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Letters to the Editor: Why are pro- or anti-recall churches allowed to keep their tax-exempt status?

Recall candidate Kevin Wiley speaks to the congregation at Godspeak Calvary Chapel in Newbury Park on Sunday.
Recall candidate Kevin Wiley speaks to the congregation at Godspeak Calvary Chapel in Newbury Park on Sunday.
(Los Angeles Times)

To the editor: Political activism springing from a church can be a constructive connection with society or a dangerous undermining of the social fabric, depending on how it is carried out. Political advocacy from the pulpit is as dangerous as any demagoguery when it attacks a legitimately elected leader or justifies supporting a cause or politician that is actually antithetical to a faith’s professed values. (“Prayer and politicking: Churches become a center of the California recall campaign,” Sept. 7)

To support a corrupt authoritarian like former President Trump, many supposed Christians had to twist their teachings into a hideous pretzel of illogic. They’re doing the same now in the recall.

We live in a secular society, not a theocracy. The requirement that churches refrain from taking political stances if they wish to maintain their tax exemption is about more than just giving them an advantage. It serves to prevent religious institutions from competing with government institutions for ultimate authority — an authority granted by the entire citizenry based on the common good.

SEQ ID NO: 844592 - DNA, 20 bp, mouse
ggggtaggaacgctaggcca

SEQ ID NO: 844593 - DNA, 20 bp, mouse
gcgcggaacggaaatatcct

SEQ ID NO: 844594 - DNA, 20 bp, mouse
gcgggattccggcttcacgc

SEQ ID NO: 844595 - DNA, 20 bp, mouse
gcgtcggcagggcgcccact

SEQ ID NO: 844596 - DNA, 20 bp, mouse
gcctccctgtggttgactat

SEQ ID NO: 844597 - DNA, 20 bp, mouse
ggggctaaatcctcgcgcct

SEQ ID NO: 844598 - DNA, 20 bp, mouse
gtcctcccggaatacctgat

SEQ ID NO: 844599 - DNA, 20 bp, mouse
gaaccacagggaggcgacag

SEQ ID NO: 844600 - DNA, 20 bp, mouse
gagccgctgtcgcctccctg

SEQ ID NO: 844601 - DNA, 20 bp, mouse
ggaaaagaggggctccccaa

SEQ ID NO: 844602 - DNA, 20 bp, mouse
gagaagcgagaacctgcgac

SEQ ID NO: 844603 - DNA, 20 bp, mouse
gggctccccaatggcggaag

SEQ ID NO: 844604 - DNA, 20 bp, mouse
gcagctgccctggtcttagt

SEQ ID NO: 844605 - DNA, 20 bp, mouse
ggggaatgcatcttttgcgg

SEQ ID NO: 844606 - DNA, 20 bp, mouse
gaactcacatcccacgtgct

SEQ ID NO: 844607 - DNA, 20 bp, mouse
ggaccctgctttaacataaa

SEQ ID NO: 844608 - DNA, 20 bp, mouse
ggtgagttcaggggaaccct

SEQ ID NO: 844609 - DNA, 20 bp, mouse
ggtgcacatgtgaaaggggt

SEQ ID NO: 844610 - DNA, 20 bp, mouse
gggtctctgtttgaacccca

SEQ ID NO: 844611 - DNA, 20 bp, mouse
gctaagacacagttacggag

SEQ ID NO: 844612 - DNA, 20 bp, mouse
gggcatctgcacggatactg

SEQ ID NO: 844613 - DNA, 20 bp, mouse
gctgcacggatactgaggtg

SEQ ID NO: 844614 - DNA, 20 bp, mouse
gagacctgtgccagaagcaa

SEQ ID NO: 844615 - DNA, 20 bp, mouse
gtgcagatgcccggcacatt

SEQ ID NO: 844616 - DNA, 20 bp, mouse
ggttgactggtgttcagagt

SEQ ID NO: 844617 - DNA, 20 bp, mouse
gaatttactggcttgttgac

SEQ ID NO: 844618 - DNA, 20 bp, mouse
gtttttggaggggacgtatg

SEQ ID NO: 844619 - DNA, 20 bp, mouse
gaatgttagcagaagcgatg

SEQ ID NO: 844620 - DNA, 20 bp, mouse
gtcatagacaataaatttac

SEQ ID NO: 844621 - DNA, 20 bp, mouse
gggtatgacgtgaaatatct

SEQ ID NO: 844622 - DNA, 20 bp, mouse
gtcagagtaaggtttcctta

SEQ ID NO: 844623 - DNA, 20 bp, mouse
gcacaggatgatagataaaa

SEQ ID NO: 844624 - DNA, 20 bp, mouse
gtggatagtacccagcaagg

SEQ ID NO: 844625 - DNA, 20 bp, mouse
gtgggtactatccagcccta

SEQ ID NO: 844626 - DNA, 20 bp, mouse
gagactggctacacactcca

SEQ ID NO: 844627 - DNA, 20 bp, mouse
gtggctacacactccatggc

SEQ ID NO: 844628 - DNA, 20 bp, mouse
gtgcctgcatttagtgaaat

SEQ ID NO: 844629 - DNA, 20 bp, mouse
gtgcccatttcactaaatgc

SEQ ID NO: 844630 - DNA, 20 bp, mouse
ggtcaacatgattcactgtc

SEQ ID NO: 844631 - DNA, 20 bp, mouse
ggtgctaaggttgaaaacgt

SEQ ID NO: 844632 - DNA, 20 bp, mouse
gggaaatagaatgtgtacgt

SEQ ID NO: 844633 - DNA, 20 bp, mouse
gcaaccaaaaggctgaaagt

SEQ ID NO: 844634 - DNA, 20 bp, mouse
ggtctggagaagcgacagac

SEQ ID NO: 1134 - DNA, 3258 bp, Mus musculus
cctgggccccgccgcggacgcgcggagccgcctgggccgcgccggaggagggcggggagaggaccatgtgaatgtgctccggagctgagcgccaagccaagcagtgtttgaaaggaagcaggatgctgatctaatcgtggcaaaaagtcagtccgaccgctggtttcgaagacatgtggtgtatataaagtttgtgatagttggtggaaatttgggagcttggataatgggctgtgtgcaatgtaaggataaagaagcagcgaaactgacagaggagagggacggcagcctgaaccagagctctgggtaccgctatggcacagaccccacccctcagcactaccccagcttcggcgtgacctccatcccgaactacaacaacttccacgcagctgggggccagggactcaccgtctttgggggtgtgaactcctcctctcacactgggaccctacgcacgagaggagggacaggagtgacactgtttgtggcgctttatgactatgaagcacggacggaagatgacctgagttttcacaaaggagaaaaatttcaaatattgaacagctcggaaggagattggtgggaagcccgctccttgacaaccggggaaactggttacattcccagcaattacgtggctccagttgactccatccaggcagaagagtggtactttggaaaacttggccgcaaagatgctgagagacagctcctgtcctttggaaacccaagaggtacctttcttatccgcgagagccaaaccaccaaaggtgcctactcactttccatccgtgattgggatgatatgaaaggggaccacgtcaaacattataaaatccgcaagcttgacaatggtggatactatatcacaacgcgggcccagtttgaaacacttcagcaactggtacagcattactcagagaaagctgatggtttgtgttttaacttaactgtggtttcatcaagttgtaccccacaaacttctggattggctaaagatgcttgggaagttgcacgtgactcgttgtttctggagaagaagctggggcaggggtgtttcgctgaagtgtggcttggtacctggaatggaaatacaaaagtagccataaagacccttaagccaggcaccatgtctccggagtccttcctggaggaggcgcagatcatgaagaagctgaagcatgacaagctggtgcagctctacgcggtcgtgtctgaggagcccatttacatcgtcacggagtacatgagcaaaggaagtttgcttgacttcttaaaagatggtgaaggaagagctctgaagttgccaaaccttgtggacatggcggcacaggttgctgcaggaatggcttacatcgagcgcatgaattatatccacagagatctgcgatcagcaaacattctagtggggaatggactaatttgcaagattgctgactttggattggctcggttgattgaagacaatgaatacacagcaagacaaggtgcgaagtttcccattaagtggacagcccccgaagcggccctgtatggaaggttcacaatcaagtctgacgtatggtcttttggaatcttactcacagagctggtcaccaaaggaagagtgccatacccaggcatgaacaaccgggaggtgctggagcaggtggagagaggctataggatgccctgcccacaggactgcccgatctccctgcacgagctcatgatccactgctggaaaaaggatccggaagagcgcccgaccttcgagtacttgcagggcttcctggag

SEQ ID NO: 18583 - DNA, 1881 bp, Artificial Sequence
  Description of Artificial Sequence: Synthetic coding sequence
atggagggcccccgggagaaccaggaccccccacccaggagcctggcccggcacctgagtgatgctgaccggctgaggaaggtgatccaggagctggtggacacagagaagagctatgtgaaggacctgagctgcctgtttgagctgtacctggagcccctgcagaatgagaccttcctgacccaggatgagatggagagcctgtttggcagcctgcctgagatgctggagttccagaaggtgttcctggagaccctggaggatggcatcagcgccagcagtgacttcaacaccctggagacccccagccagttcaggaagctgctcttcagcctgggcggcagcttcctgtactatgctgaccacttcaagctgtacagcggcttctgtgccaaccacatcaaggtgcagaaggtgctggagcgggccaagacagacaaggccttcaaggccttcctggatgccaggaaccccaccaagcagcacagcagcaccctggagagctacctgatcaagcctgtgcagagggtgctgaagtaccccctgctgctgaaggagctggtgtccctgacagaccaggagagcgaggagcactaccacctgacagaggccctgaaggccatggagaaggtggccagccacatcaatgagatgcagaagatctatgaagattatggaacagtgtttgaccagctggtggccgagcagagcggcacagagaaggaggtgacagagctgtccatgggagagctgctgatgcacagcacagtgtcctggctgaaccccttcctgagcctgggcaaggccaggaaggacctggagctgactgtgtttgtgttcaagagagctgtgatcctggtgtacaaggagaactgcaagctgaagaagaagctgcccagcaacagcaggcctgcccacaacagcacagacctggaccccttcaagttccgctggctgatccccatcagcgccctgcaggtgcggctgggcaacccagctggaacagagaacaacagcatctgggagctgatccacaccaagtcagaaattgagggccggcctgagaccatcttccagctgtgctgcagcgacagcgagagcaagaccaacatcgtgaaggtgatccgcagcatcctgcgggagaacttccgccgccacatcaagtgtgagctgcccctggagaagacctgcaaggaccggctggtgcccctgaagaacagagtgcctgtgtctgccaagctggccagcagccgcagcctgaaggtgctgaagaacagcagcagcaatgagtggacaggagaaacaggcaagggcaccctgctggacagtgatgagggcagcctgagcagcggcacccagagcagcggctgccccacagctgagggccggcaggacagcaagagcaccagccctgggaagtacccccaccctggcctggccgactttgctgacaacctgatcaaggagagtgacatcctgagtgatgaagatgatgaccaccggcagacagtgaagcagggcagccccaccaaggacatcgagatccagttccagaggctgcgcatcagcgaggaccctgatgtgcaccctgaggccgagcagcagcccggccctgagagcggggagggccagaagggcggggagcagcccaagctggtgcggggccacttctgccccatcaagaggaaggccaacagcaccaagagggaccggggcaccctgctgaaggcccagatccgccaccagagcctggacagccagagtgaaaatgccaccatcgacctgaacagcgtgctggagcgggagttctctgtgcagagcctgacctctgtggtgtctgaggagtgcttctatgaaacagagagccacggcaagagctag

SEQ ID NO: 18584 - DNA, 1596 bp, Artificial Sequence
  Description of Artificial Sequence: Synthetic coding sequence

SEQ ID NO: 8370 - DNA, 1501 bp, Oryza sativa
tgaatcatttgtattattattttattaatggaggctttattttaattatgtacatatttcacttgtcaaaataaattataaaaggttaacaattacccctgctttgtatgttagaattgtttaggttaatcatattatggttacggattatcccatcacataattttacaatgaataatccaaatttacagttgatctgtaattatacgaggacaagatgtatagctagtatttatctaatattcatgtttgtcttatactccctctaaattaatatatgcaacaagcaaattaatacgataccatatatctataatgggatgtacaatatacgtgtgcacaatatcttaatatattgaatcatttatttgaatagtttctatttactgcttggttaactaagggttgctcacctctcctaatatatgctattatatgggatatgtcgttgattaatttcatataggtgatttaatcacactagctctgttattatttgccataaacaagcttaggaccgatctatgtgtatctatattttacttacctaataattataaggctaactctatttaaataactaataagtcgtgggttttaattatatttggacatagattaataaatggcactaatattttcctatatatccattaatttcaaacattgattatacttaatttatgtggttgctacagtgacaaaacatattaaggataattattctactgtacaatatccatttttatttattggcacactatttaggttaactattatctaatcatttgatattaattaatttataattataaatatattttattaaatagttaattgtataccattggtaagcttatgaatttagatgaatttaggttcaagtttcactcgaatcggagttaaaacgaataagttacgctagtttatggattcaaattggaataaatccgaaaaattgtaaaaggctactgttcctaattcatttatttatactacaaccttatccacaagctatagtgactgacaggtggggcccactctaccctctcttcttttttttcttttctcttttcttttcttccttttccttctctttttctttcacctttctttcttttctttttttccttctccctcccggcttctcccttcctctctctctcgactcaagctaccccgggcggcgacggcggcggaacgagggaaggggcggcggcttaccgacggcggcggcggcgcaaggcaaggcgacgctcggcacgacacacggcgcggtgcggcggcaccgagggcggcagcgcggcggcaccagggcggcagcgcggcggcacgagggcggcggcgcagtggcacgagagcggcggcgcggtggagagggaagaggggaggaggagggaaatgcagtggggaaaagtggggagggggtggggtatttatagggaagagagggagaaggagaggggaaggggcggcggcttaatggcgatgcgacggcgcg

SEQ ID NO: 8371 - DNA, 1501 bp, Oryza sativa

The article quotes a university professor as saying, “We obviously live in an era of incredibly complex political speech.” Nonsense. We live in an era dominated by incredibly simple-minded political speech — the fiery incitement speech of demagogues and con artists.

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Such dangerous figures are guilty of spouting disinformation and inflaming the grievances of the bigoted, whether they do so in political rallies or in churches.

T.R. Jahns, Hemet

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To the editor: Your article on gubernatorial hopefuls making their political pitches from the pulpit clearly shows why churches should not have tax-exempt status.

When a pastor invites partisan politicians of any party to address parishioners, it is a clear violation of the separation of church and state.

These churches and their leaders have every right to express a political opinion, but they should lose the privilege of tax exemption when they blatantly disregard the U.S. Constitution’s Establishment Clause.

Carole Merl, Encino


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